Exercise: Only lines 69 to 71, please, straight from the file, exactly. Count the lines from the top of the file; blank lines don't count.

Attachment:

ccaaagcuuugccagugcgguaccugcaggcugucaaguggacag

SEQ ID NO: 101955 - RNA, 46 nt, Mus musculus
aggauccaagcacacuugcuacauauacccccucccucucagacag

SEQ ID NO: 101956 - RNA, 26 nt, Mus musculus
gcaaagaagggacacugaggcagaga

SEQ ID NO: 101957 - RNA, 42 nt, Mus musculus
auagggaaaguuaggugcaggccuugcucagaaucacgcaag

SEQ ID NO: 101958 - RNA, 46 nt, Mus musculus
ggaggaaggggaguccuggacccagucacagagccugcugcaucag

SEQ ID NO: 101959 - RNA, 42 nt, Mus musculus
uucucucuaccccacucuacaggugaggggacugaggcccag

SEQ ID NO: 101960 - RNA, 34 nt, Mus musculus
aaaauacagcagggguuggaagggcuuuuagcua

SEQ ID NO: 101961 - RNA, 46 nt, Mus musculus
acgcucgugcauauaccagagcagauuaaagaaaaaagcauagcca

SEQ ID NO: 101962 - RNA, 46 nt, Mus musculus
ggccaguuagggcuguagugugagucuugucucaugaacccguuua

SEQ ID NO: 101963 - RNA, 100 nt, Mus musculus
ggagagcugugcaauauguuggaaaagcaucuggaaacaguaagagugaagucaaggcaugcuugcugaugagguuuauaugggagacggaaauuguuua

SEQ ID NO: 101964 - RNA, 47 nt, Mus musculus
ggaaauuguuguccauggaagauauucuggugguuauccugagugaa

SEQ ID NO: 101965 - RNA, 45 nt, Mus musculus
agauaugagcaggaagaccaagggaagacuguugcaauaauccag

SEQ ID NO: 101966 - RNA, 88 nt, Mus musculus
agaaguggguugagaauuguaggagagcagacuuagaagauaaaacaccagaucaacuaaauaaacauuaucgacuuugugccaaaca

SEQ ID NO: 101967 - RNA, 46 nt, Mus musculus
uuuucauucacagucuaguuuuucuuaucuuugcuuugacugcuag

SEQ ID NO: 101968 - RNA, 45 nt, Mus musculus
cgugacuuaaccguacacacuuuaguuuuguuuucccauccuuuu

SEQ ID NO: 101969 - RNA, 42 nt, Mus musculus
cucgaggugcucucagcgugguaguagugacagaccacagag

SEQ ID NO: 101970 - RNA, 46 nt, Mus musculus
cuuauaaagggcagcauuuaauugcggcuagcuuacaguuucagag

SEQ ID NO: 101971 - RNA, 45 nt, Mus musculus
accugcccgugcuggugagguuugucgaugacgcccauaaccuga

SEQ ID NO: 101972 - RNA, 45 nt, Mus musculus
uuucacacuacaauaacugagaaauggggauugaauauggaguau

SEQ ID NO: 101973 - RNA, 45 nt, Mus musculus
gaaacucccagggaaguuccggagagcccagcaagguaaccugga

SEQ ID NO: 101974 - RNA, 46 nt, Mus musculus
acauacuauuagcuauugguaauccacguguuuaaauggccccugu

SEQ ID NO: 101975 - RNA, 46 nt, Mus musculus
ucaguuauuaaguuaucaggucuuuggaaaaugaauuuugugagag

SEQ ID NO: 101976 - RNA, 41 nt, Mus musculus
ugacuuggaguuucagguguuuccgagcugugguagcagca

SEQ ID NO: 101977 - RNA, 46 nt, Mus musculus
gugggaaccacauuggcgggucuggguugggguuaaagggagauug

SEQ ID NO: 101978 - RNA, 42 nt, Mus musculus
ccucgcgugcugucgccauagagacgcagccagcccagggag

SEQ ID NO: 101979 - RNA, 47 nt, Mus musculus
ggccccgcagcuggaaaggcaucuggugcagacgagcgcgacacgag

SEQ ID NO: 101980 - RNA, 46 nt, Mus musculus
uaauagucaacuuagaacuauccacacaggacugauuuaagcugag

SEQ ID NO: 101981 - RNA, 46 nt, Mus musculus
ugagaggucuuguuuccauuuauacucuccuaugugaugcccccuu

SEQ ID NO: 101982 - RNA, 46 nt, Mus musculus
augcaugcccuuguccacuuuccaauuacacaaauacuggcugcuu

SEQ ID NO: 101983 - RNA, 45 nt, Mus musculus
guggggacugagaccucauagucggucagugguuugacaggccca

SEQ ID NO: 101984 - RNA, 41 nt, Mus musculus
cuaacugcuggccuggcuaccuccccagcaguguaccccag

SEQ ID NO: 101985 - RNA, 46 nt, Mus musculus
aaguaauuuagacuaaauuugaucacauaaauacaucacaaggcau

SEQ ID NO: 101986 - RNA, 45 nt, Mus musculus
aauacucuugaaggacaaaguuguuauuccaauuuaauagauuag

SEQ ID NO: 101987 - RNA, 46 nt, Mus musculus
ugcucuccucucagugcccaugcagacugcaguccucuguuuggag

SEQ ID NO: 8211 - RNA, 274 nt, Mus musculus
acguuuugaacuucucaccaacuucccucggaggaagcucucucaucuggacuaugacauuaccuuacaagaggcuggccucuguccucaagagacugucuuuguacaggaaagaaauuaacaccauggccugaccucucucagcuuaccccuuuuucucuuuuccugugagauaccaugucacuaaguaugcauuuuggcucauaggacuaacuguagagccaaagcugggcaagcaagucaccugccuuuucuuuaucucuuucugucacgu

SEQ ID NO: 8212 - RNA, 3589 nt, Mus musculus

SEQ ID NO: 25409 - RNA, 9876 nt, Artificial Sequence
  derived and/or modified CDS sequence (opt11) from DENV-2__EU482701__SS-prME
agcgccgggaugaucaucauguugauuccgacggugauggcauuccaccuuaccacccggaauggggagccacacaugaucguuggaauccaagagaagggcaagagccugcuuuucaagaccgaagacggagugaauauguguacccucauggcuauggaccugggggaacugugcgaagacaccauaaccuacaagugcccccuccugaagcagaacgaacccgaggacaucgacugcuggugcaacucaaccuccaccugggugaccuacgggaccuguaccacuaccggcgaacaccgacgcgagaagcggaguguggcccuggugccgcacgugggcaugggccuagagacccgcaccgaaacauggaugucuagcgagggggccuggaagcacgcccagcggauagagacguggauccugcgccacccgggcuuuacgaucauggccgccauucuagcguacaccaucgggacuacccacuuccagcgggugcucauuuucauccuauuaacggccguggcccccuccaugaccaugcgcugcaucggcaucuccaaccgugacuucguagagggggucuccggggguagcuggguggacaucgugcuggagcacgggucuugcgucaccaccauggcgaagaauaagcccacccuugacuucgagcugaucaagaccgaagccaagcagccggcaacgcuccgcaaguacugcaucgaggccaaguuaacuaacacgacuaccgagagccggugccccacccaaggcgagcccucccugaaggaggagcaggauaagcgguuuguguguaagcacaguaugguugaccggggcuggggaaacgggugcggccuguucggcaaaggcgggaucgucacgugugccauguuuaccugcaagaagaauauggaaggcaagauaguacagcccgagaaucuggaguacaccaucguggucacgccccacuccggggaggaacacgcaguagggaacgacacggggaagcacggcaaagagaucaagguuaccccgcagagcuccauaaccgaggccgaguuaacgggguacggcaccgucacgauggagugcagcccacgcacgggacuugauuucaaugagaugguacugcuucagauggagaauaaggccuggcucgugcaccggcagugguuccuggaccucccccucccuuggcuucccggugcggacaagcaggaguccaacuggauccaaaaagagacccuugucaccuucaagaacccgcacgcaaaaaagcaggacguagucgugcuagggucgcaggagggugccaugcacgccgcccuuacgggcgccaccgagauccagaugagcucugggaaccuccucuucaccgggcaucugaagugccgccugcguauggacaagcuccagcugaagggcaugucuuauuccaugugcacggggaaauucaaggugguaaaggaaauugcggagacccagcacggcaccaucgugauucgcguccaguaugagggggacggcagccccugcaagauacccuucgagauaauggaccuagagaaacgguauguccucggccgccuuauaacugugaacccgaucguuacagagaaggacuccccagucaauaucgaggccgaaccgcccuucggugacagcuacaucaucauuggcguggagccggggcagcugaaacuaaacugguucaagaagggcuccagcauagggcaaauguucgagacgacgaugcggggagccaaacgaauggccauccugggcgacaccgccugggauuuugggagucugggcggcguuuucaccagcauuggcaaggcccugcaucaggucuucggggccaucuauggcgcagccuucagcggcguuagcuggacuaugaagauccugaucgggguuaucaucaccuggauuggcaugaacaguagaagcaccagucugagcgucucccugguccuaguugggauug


acguuuugaacuucucaccaacuucccucggaggaagcucucucaucuggacuaugacauuaccuuacaagaggcuggccucuguccucaagagacugucuuuguacaggaaagaaauuaacaccauggccugaccucucucagcuuaccccuuuuucucuuuuccugugagauaccaugucacuaaguaugcauuuuggcucauaggacuaacuguagagccaaagcugggcaagcaagucaccugccuuuucuuuaucucuuucugucacgu

SEQ ID NO: 8212 - RNA, 3589 nt, Mus musculus

SEQ ID NO: 25409 - RNA, 9876 nt, Artificial Sequence